A Change in Venue
SVBT began shifting its business model from weddings to sports after Childs was introduced to the boxing world by a friend of a friend. He walked into his first match and "was blown away that there was no one there filming the fights. It was wide open, largely ignored by media," a fact he finds ironic. "Boxing was the first sport that was ever filmed," Childs says. "I think I read that on a Snapple bottle."
Childs filmed his first fight while interning at a public access television station. Soon he was filming all the local fights in Baltimore and in northern Virginia. SVBT's resulting series Boxing Spotlight ran from 1991 to 1996.
Originally, Boxing Spotlight aired only on CTV in Prince George's County in Maryland. To get more exposure for the show, Childs created his own distribution program, producing a dozen tapes at a time and bicycling them over to D.C. and Baltimore.
The show quickly spread to other cable systems on the mid-Atlantic, including MCT Montgomery County in Maryland; and Channel 10 in Fairfax County and Comcast Channel 95 in Richmond, Hanover, and Henrico County in Virginia. Within a year, Boxing Spotlight was the highest rated sports show in the community and was already winning CAM awards.
After five years, SVBT stopped producing Boxing Spotlight and developed a new boxing television show, Ballroom Boxing, which aired on commercial TV. Ballroom Boxing was filmed in the same ballrooms in which SVBT would shoot weddings on the weekends. The ongoing wedding work paid for equipment to produce boxing programs.
But graduating to pay TV—at first on just one channel, Home Team Sports in the mid-Atlantic region—from public access wasn't as glamorous as it might seem.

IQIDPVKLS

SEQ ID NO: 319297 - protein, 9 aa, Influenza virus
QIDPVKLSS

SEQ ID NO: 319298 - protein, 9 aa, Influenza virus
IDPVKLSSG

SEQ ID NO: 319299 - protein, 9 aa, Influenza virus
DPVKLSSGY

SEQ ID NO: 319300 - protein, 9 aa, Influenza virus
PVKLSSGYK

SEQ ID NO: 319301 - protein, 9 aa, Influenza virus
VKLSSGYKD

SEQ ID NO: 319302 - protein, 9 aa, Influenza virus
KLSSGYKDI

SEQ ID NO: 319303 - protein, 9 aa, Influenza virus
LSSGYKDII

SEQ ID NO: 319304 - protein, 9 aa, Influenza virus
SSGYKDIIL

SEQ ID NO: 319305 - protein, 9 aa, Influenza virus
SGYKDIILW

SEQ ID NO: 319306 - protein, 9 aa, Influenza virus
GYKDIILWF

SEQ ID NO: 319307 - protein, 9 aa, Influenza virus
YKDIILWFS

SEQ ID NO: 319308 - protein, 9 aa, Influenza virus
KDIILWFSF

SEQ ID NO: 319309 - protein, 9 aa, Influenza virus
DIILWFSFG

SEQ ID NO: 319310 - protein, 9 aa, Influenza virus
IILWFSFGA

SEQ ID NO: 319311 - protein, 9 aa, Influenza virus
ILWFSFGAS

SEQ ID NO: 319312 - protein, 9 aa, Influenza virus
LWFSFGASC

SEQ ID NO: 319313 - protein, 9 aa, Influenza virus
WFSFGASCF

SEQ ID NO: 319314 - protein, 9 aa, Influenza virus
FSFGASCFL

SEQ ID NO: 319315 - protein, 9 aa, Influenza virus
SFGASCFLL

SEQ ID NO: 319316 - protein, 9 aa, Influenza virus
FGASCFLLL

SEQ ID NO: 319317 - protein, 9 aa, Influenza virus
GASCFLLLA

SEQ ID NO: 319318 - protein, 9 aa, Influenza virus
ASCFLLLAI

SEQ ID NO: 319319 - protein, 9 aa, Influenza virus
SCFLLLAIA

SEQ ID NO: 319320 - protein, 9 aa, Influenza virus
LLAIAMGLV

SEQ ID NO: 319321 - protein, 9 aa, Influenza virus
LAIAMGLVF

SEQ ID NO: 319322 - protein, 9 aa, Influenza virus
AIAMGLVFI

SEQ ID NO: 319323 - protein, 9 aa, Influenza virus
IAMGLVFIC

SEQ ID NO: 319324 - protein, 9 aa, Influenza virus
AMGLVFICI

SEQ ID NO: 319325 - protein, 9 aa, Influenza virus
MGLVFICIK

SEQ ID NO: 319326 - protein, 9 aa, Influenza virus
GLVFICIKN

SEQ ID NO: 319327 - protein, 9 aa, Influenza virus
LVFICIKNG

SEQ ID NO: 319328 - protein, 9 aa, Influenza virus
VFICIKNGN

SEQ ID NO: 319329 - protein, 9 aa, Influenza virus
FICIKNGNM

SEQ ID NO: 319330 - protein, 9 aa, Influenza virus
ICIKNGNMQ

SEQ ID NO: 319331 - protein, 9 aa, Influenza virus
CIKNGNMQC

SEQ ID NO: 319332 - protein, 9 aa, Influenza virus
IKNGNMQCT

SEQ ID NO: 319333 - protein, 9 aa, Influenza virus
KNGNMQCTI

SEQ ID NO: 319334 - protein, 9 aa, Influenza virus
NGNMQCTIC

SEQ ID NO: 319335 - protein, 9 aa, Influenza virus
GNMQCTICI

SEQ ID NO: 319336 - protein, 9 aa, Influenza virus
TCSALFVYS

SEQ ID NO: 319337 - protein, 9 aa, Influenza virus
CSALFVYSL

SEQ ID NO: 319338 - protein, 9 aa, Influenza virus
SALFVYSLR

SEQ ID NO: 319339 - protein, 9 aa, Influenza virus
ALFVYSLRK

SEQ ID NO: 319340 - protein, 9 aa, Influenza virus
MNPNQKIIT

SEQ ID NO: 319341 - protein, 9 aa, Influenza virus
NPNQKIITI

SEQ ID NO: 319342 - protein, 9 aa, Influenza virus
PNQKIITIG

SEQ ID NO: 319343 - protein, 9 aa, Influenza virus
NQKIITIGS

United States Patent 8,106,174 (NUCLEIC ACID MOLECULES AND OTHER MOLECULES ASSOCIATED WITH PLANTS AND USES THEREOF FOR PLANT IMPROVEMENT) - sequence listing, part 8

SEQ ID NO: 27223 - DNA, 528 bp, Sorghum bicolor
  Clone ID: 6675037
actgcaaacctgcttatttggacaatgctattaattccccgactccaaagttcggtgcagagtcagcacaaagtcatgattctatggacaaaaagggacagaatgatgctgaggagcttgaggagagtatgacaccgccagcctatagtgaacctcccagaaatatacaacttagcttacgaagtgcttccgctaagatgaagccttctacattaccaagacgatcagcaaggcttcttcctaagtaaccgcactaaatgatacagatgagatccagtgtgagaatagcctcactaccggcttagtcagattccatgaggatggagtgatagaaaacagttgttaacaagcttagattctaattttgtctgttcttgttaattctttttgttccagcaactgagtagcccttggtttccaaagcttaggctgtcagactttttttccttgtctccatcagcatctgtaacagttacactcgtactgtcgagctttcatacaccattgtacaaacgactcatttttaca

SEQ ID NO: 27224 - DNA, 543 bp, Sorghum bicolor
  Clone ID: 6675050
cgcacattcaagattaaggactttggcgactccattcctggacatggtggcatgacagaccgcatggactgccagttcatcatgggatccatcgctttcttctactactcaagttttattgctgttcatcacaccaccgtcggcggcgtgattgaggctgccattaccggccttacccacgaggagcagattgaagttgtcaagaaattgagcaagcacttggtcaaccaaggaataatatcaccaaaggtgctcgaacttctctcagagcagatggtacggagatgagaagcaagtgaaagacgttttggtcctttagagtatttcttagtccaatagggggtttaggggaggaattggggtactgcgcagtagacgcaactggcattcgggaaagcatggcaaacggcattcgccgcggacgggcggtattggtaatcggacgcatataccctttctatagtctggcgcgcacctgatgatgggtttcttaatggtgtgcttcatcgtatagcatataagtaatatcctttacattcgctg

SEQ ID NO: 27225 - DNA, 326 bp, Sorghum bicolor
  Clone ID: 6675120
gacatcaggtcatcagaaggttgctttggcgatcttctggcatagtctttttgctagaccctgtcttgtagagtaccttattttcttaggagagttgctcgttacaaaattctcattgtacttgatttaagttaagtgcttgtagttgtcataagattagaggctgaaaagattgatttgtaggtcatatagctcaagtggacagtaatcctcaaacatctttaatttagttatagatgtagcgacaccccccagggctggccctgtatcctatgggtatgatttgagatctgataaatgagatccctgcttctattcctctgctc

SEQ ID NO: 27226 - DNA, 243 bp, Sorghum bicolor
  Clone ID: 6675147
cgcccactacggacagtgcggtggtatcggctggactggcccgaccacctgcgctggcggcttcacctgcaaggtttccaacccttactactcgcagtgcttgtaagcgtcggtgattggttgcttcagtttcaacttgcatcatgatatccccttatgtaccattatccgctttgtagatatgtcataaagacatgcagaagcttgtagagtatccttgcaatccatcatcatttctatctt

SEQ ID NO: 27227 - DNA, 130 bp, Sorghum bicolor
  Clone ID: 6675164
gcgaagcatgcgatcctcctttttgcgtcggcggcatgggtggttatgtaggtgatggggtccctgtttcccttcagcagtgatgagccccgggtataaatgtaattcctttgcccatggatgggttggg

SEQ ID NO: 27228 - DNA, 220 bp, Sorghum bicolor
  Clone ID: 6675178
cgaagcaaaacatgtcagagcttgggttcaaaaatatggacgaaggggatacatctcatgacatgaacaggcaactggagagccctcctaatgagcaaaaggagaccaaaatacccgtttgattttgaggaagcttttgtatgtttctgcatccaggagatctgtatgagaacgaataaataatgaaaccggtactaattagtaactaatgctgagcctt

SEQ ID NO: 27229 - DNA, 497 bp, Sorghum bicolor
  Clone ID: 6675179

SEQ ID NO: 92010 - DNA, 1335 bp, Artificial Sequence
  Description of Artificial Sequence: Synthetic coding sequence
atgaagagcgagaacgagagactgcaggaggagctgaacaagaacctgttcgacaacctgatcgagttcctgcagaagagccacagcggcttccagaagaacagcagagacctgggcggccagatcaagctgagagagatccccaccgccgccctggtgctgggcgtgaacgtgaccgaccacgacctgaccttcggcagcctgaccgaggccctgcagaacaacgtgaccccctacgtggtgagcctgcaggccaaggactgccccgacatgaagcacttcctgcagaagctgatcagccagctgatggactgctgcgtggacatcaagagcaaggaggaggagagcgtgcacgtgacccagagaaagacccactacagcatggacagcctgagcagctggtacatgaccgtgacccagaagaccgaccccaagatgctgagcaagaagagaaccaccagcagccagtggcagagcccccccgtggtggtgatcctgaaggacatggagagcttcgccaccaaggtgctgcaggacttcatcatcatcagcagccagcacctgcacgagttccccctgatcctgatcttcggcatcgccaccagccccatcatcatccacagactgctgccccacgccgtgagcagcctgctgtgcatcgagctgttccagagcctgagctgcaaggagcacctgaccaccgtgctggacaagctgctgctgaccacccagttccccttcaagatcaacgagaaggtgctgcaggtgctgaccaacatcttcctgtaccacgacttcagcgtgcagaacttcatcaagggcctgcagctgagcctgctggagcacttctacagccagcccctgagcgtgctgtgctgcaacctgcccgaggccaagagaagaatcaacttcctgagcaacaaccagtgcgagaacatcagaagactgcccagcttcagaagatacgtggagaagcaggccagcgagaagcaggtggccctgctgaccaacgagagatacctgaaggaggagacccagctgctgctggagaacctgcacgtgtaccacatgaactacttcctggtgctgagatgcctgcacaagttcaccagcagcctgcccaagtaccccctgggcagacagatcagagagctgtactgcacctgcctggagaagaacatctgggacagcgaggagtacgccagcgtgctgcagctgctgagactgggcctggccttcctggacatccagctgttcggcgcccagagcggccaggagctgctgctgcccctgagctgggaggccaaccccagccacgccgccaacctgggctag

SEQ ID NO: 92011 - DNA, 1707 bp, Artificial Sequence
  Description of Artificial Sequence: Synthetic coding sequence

"Everyone would think, ‘Oh, you're getting money from the stations,'" Childs says. "It's usually the opposite. Usually the stations want money out of you, and then it's up to you to sell the ad space. A lot of times you can enter into barter deals where you give them half the commercial space and [you retain half] the ad space. As long as you have sponsors, you do well."
SVBT right away received an education in what stations required of producers as far as formatting, "such as the number of billboards you can have, and the seven-second announcement that says, ‘Brought to you by UPS or FedEx,' or something," Childs says. "And the commercials all have to be laid out in a certain fashion so they have their one-minute breaks every half hour for their affiliates and things like that." Then there are legal obligations that stations are required to fill, such as having their programming closed-captioned, a cost that they often dumped on SVBT.
SVBT worked its way all the way down to Florida, where the company got Ballroom Boxing onto on the Sunshine Network, and all the way up the coast to the New England Sports Network. Ballroom Boxing soon started filling in all the locations in between, including upstate New York's Empire Network; Carolina Sports Entertainment Television; and Comcast Sports Network Philadelphia, Mid-Atlantic, and South.
Ballroom Boxing quickly spread to markets outside the United States, including Fox Sports International, UPN 27 in the U.S. Virgin Islands, and the Armed Forces Network. In ten years, Ballroom Boxing reached 60 different TV markets in 182 countries.
In addition to a large and far-flung viewing audience, Spero's Ballroom Boxing work brought the company several awards, including a 2002 Telly award.
Beyond the Ballroom